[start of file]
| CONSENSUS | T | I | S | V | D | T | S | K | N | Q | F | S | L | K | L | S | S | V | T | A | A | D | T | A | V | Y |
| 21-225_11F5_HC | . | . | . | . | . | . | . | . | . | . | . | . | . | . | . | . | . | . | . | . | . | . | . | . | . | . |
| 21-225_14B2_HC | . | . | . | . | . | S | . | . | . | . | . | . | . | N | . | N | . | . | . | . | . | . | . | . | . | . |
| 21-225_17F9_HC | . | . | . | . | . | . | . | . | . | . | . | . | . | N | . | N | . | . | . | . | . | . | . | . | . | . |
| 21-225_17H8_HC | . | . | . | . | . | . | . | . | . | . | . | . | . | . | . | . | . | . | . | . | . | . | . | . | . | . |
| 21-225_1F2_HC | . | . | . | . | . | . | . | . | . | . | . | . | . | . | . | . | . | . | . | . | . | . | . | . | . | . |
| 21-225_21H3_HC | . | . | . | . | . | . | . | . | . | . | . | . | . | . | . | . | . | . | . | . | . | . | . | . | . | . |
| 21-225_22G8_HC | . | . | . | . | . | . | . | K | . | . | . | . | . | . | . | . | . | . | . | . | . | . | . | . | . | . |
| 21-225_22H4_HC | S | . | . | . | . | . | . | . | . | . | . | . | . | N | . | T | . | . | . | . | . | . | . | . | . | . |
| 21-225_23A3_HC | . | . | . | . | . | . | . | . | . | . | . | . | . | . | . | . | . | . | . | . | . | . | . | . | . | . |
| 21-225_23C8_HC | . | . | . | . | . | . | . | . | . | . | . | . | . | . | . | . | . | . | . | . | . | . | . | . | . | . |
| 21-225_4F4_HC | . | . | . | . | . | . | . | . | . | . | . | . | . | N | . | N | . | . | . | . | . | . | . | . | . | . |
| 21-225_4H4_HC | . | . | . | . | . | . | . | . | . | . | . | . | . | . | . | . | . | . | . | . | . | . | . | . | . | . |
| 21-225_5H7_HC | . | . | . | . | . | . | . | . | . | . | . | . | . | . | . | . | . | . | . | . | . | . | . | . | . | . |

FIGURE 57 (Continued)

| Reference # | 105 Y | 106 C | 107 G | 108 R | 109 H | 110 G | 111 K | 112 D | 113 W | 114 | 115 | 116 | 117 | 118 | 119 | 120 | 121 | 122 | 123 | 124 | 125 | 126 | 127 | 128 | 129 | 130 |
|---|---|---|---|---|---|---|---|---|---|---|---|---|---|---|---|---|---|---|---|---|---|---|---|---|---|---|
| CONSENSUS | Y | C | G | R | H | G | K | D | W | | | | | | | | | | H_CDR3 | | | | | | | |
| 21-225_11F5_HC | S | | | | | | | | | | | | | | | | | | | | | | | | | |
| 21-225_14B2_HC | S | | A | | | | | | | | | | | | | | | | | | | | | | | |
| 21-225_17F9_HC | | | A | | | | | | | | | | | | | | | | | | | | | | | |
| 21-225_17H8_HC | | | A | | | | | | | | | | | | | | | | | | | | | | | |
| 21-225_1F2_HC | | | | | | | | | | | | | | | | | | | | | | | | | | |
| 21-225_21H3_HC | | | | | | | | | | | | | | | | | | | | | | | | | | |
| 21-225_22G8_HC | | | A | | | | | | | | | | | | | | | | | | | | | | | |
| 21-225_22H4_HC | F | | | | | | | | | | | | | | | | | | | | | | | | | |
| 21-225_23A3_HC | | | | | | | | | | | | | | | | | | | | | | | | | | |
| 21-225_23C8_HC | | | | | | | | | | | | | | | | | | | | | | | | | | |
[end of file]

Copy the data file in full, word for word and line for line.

| CONSENSUS | T | I | S | V | D | T | S | K | N | Q | F | S | L | K | L | S | S | V | T | A | A | D | T | A | V | Y |
| 21-225_11F5_HC | . | . | . | . | . | . | . | . | . | . | . | . | . | . | . | . | . | . | . | . | . | . | . | . | . | . |
| 21-225_14B2_HC | . | . | . | . | . | S | . | . | . | . | . | . | . | N | . | N | . | . | . | . | . | . | . | . | . | . |
| 21-225_17F9_HC | . | . | . | . | . | . | . | . | . | . | . | . | . | N | . | N | . | . | . | . | . | . | . | . | . | . |
| 21-225_17H8_HC | . | . | . | . | . | . | . | . | . | . | . | . | . | . | . | . | . | . | . | . | . | . | . | . | . | . |
| 21-225_1F2_HC | . | . | . | . | . | . | . | . | . | . | . | . | . | . | . | . | . | . | . | . | . | . | . | . | . | . |
| 21-225_21H3_HC | . | . | . | . | . | . | . | . | . | . | . | . | . | . | . | . | . | . | . | . | . | . | . | . | . | . |
| 21-225_22G8_HC | . | . | . | . | . | . | . | K | . | . | . | . | . | . | . | . | . | . | . | . | . | . | . | . | . | . |
| 21-225_22H4_HC | S | . | . | . | . | . | . | . | . | . | . | . | . | N | . | T | . | . | . | . | . | . | . | . | . | . |
| 21-225_23A3_HC | . | . | . | . | . | . | . | . | . | . | . | . | . | . | . | . | . | . | . | . | . | . | . | . | . | . |
| 21-225_23C8_HC | . | . | . | . | . | . | . | . | . | . | . | . | . | . | . | . | . | . | . | . | . | . | . | . | . | . |
| 21-225_4F4_HC | . | . | . | . | . | . | . | . | . | . | . | . | . | N | . | N | . | . | . | . | . | . | . | . | . | . |
| 21-225_4H4_HC | . | . | . | . | . | . | . | . | . | . | . | . | . | . | . | . | . | . | . | . | . | . | . | . | . | . |
| 21-225_5H7_HC | . | . | . | . | . | . | . | . | . | . | . | . | . | . | . | . | . | . | . | . | . | . | . | . | . | . |

FIGURE 57 (Continued)

| Reference # | 105 Y | 106 C | 107 G | 108 R | 109 H | 110 G | 111 K | 112 D | 113 W | 114 | 115 | 116 | 117 | 118 | 119 | 120 | 121 | 122 | 123 | 124 | 125 | 126 | 127 | 128 | 129 | 130 |
|---|---|---|---|---|---|---|---|---|---|---|---|---|---|---|---|---|---|---|---|---|---|---|---|---|---|---|
| CONSENSUS | Y | C | G | R | H | G | K | D | W | | | | | | | | | | H_CDR3 | | | | | | | |
| 21-225_11F5_HC | S | | | | | | | | | | | | | | | | | | | | | | | | | |
| 21-225_14B2_HC | S | | A | | | | | | | | | | | | | | | | | | | | | | | |
| 21-225_17F9_HC | | | A | | | | | | | | | | | | | | | | | | | | | | | |
| 21-225_17H8_HC | | | A | | | | | | | | | | | | | | | | | | | | | | | |
| 21-225_1F2_HC | | | | | | | | | | | | | | | | | | | | | | | | | | |
| 21-225_21H3_HC | | | | | | | | | | | | | | | | | | | | | | | | | | |
| 21-225_22G8_HC | | | A | | | | | | | | | | | | | | | | | | | | | | | |
| 21-225_22H4_HC | F | | | | | | | | | | | | | | | | | | | | | | | | | |
| 21-225_23A3_HC | | | | | | | | | | | | | | | | | | | | | | | | | | |
| 21-225_23C8_HC | | | | | | | | | | | | | | | | | | | | | | | | | | |